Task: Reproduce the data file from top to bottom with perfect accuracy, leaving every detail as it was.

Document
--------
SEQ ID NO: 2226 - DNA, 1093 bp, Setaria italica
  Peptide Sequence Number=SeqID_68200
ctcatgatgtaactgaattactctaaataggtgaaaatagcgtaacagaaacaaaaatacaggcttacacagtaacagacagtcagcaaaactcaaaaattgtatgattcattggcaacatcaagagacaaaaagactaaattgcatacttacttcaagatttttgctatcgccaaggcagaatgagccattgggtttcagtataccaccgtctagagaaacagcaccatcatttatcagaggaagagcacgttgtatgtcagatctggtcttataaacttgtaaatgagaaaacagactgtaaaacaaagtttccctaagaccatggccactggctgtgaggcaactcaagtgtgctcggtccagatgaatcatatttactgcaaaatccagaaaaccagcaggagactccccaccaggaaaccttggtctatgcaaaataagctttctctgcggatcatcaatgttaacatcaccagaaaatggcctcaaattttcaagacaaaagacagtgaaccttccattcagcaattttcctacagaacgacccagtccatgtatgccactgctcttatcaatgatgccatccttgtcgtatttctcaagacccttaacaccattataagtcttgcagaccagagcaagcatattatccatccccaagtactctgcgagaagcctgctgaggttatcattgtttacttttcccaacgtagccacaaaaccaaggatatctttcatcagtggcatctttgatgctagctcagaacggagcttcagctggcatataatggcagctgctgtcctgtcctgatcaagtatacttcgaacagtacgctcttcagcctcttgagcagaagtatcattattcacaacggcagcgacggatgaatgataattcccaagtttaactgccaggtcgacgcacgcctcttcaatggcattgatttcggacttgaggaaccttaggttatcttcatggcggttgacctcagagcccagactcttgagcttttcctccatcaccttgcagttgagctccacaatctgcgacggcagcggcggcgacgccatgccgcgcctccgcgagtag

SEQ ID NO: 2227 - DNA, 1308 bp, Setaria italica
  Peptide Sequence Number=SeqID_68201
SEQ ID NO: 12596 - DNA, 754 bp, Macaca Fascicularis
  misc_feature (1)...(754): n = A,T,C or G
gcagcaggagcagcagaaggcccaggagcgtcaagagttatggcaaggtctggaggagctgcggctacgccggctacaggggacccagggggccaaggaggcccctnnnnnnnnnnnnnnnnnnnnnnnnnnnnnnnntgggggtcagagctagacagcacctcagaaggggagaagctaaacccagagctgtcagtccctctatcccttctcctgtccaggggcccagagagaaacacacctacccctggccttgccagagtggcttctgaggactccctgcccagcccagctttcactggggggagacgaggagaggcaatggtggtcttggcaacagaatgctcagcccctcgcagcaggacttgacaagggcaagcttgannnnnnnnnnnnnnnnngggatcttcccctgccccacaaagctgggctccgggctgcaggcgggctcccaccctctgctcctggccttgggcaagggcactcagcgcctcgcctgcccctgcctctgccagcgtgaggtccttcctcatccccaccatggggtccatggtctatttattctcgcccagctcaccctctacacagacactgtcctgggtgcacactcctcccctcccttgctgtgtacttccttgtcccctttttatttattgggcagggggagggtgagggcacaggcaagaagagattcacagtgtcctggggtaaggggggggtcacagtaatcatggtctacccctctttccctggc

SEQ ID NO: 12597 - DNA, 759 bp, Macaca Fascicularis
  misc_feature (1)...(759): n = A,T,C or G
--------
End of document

SEQ ID NO: 2226 - DNA, 1093 bp, Setaria italica
  Peptide Sequence Number=SeqID_68200
ctcatgatgtaactgaattactctaaataggtgaaaatagcgtaacagaaacaaaaatacaggcttacacagtaacagacagtcagcaaaactcaaaaattgtatgattcattggcaacatcaagagacaaaaagactaaattgcatacttacttcaagatttttgctatcgccaaggcagaatgagccattgggtttcagtataccaccgtctagagaaacagcaccatcatttatcagaggaagagcacgttgtatgtcagatctggtcttataaacttgtaaatgagaaaacagactgtaaaacaaagtttccctaagaccatggccactggctgtgaggcaactcaagtgtgctcggtccagatgaatcatatttactgcaaaatccagaaaaccagcaggagactccccaccaggaaaccttggtctatgcaaaataagctttctctgcggatcatcaatgttaacatcaccagaaaatggcctcaaattttcaagacaaaagacagtgaaccttccattcagcaattttcctacagaacgacccagtccatgtatgccactgctcttatcaatgatgccatccttgtcgtatttctcaagacccttaacaccattataagtcttgcagaccagagcaagcatattatccatccccaagtactctgcgagaagcctgctgaggttatcattgtttacttttcccaacgtagccacaaaaccaaggatatctttcatcagtggcatctttgatgctagctcagaacggagcttcagctggcatataatggcagctgctgtcctgtcctgatcaagtatacttcgaacagtacgctcttcagcctcttgagcagaagtatcattattcacaacggcagcgacggatgaatgataattcccaagtttaactgccaggtcgacgcacgcctcttcaatggcattgatttcggacttgaggaaccttaggttatcttcatggcggttgacctcagagcccagactcttgagcttttcctccatcaccttgcagttgagctccacaatctgcgacggcagcggcggcgacgccatgccgcgcctccgcgagtag

SEQ ID NO: 2227 - DNA, 1308 bp, Setaria italica
  Peptide Sequence Number=SeqID_68201
SEQ ID NO: 12596 - DNA, 754 bp, Macaca Fascicularis
  misc_feature (1)...(754): n = A,T,C or G
gcagcaggagcagcagaaggcccaggagcgtcaagagttatggcaaggtctggaggagctgcggctacgccggctacaggggacccagggggccaaggaggcccctnnnnnnnnnnnnnnnnnnnnnnnnnnnnnnnntgggggtcagagctagacagcacctcagaaggggagaagctaaacccagagctgtcagtccctctatcccttctcctgtccaggggcccagagagaaacacacctacccctggccttgccagagtggcttctgaggactccctgcccagcccagctttcactggggggagacgaggagaggcaatggtggtcttggcaacagaatgctcagcccctcgcagcaggacttgacaagggcaagcttgannnnnnnnnnnnnnnnngggatcttcccctgccccacaaagctgggctccgggctgcaggcgggctcccaccctctgctcctggccttgggcaagggcactcagcgcctcgcctgcccctgcctctgccagcgtgaggtccttcctcatccccaccatggggtccatggtctatttattctcgcccagctcaccctctacacagacactgtcctgggtgcacactcctcccctcccttgctgtgtacttccttgtcccctttttatttattgggcagggggagggtgagggcacaggcaagaagagattcacagtgtcctggggtaaggggggggtcacagtaatcatggtctacccctctttccctggc

SEQ ID NO: 12597 - DNA, 759 bp, Macaca Fascicularis
  misc_feature (1)...(759): n = A,T,C or G